Some people assume that once hay fever season ends, allergy sufferers can sit back and relax. Actually, autumn is a peak allergy season!

In the autumn, we spend more time indoors, crank up the central heating and shut the windows. This creates perfect conditions for troublesome mould spores and dust mite allergens to thrive which can cause allergy symptoms.  

As the weather gets chillier, those of us with asthma and eczema may also find that our symptoms get worse.

Here is an overview of some of the key autumn allergy triggers with tips on how to minimise their impact... 


1. Mould

Moulds release spores, to which some people are allergic. Mould spores can also worsen asthma and allergic rhinitis. 

To survive and reproduce, moulds need moisture, oxygen and food. For moulds, 'food' can be anything from minerals and sugars to decaying matter. They're not fussy!

Many modern homes provide plenty of moisture, oxygen and food for moulds. Home ventilation can be poor in the autumn and winter when we close our windows. Furthermore, good insulation and central heating can lead to increased humidity.

Mould spores are often released when there are environmental changes. Examples of these changes are:

  • When moist conditions become warm
  • when the central heating first goes on in a damp house
  • When plants are brought into a warmer interior. 

Physical disturbance helps to disperse mould spores. 

Outside, as the leaves fall and the weather gets damp, outdoor moulds thrive in grass cuttings, compost heaps and piles of rotting leaves. 

What are the symptoms of mould allergy?

Mould allergy symptoms may include:

  • Sneezing
  • Runny nose
  • Coughing
  • Itching eyes, throat and nose

Symptoms range in type and severity and people can be allergic to different types of moulds. Mould spores can also be an asthma trigger. Speak to your GP about a preventative treatment plan if this affects you. 

Mould can also produce volatile organic compounds (VOCs). These can trigger symptoms of chemical sensitivity, including tiredness, headaches and depression.

What can you do to reduce mould levels at home?

  1. Check for signs of damp in places like window and door frames and fix leaks. 
  2. Use a dehumidifier in musty or damp areas and aim for below 50% relative humidity. A hygrometer can help you identify which areas of your home are too humid.
  3. Ventilate and clean bathrooms particularly thoroughly - these are are key sources of mould. Try to avoid using carpet in bathrooms as these can harbour mould spores.
  4. Don't hang wet clothes over radiators; this can increase humidity, encouraging mould to proliferate.
  5. Consider an air purifier or air steriliser to remove mould spores. These will also help to remove other allergens and impurities from your indoor air. 

Click here to read more about mould allergy.


2. Dust mites

Dust mites love warm, humid conditions. They thrive in the autumn and winter. This is because ventilation is poor, the weather is damp and the central heating is on.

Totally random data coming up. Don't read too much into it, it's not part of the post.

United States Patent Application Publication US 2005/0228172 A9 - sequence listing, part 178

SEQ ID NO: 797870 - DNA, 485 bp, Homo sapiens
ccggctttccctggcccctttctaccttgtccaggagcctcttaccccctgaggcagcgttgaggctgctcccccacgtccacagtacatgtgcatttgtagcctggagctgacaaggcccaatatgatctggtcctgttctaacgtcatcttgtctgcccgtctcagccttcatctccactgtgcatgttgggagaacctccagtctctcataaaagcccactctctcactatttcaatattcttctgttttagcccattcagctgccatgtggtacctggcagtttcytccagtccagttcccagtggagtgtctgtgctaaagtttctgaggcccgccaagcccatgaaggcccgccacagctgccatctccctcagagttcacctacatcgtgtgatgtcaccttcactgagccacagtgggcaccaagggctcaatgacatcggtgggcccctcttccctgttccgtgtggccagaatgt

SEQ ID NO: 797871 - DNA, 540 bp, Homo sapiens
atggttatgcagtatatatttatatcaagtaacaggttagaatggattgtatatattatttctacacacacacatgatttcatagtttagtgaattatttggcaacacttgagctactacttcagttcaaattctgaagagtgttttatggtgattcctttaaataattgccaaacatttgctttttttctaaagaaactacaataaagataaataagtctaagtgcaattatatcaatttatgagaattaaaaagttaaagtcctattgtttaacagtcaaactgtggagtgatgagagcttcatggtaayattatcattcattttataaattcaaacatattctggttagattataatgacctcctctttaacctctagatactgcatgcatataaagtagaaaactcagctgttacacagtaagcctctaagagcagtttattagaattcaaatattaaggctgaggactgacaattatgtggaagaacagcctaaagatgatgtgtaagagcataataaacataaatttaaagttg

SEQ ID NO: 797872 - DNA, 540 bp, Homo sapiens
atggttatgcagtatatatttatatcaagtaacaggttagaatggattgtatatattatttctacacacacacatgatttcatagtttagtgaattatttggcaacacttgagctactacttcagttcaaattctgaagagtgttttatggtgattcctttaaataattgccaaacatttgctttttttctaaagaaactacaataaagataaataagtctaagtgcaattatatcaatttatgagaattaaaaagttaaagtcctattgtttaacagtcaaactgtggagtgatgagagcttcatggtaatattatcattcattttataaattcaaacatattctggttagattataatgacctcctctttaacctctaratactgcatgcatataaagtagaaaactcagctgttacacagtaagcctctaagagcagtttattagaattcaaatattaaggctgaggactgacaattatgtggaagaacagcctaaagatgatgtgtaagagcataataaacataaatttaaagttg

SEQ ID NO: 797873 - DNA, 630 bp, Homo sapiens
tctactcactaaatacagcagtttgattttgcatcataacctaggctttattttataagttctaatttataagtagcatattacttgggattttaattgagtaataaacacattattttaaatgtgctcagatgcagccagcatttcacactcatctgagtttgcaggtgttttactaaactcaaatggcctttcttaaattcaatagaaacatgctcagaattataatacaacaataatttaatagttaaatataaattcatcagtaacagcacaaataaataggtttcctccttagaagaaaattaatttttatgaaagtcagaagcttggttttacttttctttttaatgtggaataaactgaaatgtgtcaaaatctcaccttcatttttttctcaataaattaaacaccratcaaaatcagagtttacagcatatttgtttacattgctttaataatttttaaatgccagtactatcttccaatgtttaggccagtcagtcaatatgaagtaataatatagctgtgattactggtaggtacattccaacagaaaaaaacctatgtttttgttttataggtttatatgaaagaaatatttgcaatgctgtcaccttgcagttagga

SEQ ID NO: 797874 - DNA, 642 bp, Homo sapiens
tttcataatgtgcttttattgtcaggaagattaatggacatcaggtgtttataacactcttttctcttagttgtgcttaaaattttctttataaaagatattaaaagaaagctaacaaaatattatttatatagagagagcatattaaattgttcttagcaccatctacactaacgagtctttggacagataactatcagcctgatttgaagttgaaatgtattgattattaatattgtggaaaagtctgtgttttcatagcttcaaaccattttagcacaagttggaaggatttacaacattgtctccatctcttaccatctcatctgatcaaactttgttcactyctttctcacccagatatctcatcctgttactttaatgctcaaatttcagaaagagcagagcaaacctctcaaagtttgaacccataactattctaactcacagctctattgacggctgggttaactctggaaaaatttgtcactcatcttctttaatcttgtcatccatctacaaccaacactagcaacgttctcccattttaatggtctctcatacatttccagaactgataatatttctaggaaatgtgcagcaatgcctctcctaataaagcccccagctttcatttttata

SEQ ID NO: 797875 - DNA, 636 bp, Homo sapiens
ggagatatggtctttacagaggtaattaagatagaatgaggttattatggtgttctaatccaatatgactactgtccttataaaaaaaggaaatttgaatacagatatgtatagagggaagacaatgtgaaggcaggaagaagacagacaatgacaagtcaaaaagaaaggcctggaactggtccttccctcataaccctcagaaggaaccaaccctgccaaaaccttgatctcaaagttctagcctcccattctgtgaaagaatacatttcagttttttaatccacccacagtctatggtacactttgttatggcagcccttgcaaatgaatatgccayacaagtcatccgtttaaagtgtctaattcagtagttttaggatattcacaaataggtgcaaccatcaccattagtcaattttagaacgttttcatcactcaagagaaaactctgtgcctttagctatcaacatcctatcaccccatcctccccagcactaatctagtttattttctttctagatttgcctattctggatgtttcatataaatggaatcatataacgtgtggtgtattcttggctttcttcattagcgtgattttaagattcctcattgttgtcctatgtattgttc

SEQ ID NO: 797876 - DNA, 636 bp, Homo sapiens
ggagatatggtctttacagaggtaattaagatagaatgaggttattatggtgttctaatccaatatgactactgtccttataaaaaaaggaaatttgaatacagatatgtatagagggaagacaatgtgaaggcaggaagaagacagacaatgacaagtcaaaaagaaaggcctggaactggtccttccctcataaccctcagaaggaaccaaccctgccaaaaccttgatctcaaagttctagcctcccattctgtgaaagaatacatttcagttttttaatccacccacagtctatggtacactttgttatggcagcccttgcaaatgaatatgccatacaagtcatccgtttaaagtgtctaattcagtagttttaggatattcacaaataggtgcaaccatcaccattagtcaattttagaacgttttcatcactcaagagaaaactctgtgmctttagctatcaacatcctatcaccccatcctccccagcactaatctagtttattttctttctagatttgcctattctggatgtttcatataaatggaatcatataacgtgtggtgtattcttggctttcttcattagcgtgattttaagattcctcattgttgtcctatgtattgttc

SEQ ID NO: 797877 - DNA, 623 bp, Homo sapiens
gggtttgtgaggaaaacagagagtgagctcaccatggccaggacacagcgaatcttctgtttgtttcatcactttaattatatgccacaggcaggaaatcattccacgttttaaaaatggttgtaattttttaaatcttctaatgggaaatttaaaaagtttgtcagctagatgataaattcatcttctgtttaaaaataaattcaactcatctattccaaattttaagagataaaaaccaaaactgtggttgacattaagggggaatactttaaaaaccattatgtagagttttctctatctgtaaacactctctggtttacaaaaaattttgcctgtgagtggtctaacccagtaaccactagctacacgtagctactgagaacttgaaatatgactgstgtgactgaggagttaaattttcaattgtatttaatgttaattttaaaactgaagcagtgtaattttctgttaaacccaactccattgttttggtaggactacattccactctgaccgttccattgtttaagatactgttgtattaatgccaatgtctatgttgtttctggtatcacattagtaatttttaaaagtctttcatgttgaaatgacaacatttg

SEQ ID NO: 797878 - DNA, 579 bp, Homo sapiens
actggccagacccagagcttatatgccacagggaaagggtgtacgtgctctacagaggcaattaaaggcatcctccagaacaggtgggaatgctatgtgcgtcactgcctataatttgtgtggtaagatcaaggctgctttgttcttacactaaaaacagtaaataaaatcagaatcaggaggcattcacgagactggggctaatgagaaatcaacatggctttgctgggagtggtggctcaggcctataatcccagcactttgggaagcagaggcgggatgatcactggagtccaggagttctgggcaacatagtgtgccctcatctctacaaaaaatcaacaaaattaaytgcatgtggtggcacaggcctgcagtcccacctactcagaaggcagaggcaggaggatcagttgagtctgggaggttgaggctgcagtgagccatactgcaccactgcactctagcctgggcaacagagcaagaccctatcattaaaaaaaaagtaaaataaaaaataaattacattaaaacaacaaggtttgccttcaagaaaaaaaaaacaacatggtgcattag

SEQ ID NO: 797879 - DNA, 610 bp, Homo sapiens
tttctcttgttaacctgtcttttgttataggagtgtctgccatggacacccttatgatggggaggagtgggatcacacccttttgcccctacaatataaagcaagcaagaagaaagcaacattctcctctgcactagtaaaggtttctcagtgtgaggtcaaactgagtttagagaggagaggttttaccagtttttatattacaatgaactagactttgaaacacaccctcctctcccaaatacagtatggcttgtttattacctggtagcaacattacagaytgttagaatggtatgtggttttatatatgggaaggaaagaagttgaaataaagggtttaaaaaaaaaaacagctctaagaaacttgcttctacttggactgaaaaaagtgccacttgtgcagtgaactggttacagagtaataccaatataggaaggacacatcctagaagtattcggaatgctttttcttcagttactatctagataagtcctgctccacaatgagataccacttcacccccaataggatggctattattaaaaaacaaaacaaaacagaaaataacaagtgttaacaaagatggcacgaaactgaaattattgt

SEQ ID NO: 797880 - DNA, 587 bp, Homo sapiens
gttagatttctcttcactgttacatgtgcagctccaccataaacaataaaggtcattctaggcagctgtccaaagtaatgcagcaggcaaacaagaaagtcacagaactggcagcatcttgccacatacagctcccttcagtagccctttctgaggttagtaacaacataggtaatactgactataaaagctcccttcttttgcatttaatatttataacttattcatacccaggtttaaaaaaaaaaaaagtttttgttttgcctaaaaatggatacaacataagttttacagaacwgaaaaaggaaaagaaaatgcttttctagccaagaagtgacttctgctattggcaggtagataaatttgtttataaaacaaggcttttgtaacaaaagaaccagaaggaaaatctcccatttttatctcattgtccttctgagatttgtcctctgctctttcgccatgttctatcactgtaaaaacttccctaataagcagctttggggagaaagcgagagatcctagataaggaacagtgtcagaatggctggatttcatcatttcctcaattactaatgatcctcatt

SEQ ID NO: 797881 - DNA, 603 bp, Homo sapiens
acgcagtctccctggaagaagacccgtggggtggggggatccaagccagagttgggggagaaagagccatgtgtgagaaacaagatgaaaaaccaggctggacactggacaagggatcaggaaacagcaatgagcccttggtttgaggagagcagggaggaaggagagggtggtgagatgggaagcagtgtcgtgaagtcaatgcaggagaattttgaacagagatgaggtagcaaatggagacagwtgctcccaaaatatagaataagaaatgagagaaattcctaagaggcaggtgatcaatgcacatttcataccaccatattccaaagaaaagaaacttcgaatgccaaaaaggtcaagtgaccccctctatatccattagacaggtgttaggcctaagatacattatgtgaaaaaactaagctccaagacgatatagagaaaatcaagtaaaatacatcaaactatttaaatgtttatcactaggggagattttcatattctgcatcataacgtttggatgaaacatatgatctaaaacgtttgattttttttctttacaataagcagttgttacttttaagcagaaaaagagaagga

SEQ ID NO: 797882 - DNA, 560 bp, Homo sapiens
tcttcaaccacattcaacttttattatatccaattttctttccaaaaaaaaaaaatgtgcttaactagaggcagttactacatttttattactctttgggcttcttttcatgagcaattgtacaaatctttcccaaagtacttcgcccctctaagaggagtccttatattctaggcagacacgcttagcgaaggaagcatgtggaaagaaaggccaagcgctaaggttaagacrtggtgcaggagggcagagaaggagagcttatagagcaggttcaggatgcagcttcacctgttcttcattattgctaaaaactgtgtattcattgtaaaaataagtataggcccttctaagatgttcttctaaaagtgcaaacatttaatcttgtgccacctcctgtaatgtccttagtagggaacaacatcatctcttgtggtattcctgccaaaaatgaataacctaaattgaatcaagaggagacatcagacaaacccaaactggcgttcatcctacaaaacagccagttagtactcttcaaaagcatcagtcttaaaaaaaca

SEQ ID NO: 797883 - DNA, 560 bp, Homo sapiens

Dust mites are present in the vast majority of homes, even the cleanest ones! Their favourite foods (keratin, cellulose fibres and chitin) are abundant in most modern homes. These come from skin cells, textiles and fungi. Dust mites are present in most bedding, carpets and soft furnishings. 

What are the symptoms of dust mite allergy?

Dust mite allergy can cause symptoms such as:

  • Runny or congested nose and sneezing
  • Wheezing
  • Sinusitis
  • Less commonly, skin problems like eczema.

Some people find that their symptoms are worse in the mornings after spending the night in bed where dust mites are present. Dust mites are also believed to be asthma and eczema triggers.

What can you do to reduce dust mite levels in your home? 

  • Encase your bedding in dust mite proof barrier cases. You can also wash bedding and bed linen regularly at 60 degrees to kill dust mites.
  • Use our allergy sprays to help control airborne allergens like dust mites, without insecticides.
  • Remove sources of damp. Consider using a dehumidifier to keep relative humidity below 50%. We don't usually recommend an rH level of below 40% as this can worsen respiratory problems.
  • An efficient air purifier or air steriliser is helpful to clean the air in the room. 
  • Don't neglect rugs, curtains and soft furnishings. These can all be dust mite breeding grounds. Wash them often using an anti-allergen solution such as FabriCleanse.

To learn more about dust mite allergy, click here.


3. Cold weather

According to Asthma UK, three quarters of people who have asthma find that cold air makes their symptoms worse.

Autumn colds brought on by the change in weather can also affect the airways. As the seasons change and the weather gets chillier, it's important to be aware of this potential trigger. 

What can you do to stay well in cold conditions?

  • Wrap up warm on chilly days. We recommend trying a Cold Weather Mask with a warm, fleecy lining. This helps to protect you from respiratory problems caused by the cold.
  • Keep your inhalers on you at all times and use as directed by your GP.
  • Speak to your GP if you have any concerns about using your inhaler correctly.
  • Call Asthma UK’s Helpline if you are worried about your asthma on 0800 121 62 44.
  • An air purifier can help you create a 'safe haven' at home by removing allergens and irritants from your indoor air. 

Click here to read more about asthma.


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Disclaimer: Information included in this website is intended for information purposes only and is not to be used as a substitute for consultation with a medical practitioner.

Sources:

  • https://www.allergyuk.org/downloads/resources/Four_seasons_resourses.pdf
  • http://www.nhs.uk/Livewell/asthma/Pages/asthma-cold-weather.aspx
  • http://www.mayoclinic.org/diseases-conditions/mold-allergy/basics/prevention/con-20025806